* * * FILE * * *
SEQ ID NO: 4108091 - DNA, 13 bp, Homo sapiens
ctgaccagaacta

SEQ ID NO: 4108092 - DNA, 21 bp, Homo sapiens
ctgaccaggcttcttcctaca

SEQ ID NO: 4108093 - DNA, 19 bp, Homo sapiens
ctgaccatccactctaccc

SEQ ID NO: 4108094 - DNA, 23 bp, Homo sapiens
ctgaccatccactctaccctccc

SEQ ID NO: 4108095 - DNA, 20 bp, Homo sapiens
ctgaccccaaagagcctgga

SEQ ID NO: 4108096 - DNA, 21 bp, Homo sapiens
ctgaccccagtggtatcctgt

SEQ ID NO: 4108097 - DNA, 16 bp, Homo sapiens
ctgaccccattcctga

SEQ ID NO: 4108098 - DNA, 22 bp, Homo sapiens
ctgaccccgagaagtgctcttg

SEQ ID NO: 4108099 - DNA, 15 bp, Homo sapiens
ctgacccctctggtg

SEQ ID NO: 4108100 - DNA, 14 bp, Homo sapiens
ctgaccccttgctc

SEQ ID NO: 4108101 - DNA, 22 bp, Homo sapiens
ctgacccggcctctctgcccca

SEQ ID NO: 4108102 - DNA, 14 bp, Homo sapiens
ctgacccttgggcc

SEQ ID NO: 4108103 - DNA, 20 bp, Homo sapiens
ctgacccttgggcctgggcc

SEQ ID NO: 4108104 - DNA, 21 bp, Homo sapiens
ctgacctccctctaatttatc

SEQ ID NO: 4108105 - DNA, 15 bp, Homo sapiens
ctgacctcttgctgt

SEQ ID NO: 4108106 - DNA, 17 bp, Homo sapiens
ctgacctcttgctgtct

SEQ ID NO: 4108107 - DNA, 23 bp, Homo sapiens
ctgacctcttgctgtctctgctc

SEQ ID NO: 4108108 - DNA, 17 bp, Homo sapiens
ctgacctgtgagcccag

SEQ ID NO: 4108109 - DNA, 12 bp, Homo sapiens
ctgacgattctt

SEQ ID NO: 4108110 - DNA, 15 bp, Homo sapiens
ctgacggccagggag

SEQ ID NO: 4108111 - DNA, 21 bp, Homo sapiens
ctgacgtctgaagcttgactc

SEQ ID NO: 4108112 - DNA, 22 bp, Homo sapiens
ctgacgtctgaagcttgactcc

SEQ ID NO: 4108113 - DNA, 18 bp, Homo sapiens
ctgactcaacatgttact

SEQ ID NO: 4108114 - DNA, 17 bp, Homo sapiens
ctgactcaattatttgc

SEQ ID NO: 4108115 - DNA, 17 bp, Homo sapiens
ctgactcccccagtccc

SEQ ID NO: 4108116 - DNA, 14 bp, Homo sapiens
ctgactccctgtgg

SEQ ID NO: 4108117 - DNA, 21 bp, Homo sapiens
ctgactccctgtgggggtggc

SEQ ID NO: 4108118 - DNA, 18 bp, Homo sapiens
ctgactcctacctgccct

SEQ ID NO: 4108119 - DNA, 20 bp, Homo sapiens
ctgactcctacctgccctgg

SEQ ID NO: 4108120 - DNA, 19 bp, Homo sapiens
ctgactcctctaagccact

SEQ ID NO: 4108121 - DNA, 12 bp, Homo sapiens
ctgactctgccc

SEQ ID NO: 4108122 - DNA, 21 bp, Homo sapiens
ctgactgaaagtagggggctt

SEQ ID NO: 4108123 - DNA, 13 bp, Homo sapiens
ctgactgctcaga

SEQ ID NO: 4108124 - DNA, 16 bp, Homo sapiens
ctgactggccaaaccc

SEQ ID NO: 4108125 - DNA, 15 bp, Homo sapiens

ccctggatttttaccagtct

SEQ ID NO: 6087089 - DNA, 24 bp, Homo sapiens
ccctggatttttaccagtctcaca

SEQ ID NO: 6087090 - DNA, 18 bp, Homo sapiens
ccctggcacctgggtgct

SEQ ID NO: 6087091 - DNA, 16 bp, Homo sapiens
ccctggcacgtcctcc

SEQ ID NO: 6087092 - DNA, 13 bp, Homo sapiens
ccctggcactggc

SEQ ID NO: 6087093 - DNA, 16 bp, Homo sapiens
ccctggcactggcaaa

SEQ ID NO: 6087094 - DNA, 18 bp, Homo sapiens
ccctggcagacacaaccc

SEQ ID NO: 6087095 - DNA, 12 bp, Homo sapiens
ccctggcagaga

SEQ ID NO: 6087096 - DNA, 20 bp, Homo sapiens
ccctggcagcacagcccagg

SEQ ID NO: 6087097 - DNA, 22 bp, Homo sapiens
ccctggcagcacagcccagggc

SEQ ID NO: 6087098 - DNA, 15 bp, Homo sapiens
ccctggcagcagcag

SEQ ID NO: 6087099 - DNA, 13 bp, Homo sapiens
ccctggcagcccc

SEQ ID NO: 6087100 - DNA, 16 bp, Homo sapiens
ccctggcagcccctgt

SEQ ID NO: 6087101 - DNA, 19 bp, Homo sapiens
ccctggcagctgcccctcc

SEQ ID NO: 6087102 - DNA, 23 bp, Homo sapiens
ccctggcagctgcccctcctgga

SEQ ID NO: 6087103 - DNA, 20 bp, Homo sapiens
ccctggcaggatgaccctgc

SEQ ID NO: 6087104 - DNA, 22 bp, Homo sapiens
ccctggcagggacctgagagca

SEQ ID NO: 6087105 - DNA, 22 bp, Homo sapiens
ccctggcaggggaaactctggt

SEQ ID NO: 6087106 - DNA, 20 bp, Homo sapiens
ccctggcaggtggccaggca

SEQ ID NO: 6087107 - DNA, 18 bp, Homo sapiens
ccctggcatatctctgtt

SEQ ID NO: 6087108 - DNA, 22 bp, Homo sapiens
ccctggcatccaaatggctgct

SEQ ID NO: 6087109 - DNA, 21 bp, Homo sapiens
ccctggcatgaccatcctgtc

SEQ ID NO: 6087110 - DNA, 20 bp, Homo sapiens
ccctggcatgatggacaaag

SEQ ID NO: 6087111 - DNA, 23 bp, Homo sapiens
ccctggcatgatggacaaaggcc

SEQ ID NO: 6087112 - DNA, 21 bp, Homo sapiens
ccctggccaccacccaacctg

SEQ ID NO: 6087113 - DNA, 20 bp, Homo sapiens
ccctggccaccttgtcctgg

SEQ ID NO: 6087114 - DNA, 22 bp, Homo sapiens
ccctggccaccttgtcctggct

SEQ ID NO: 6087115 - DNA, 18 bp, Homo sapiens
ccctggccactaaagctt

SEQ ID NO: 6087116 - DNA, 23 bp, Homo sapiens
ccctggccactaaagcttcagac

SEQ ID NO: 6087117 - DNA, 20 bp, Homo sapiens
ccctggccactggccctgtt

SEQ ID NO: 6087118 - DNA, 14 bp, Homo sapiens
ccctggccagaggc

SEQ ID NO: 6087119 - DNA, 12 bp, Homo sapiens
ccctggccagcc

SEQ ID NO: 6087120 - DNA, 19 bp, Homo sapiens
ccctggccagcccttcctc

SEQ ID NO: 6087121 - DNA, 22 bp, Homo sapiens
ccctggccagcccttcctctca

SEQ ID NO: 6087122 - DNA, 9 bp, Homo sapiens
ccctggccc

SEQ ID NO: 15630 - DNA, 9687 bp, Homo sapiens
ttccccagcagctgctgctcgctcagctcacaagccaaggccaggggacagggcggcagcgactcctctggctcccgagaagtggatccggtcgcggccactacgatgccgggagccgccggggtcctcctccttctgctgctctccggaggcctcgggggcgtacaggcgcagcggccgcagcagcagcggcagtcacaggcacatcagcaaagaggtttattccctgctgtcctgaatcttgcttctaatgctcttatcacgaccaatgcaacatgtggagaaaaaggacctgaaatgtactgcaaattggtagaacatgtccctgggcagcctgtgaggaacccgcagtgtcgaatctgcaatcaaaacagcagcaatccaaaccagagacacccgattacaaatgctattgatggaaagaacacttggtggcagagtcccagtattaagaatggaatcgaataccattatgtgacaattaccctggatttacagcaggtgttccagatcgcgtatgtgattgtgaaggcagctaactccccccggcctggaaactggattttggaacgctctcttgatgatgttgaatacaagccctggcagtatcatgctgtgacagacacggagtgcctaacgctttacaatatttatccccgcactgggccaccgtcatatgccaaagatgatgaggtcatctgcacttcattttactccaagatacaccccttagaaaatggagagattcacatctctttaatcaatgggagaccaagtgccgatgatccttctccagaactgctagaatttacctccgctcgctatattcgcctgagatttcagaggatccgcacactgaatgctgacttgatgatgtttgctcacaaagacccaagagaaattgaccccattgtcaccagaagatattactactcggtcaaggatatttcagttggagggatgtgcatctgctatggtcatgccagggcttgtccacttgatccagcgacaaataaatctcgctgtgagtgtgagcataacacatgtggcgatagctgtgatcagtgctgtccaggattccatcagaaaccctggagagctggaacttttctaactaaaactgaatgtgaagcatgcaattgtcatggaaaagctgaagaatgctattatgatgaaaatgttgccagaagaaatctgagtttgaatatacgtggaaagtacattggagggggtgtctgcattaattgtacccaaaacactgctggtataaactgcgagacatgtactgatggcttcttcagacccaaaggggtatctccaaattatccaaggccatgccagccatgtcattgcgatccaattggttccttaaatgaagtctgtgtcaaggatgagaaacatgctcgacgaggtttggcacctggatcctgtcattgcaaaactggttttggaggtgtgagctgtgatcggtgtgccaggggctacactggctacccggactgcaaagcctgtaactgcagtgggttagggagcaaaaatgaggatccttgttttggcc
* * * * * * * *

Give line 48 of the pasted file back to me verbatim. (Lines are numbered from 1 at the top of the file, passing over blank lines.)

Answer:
ctgactcaattatttgc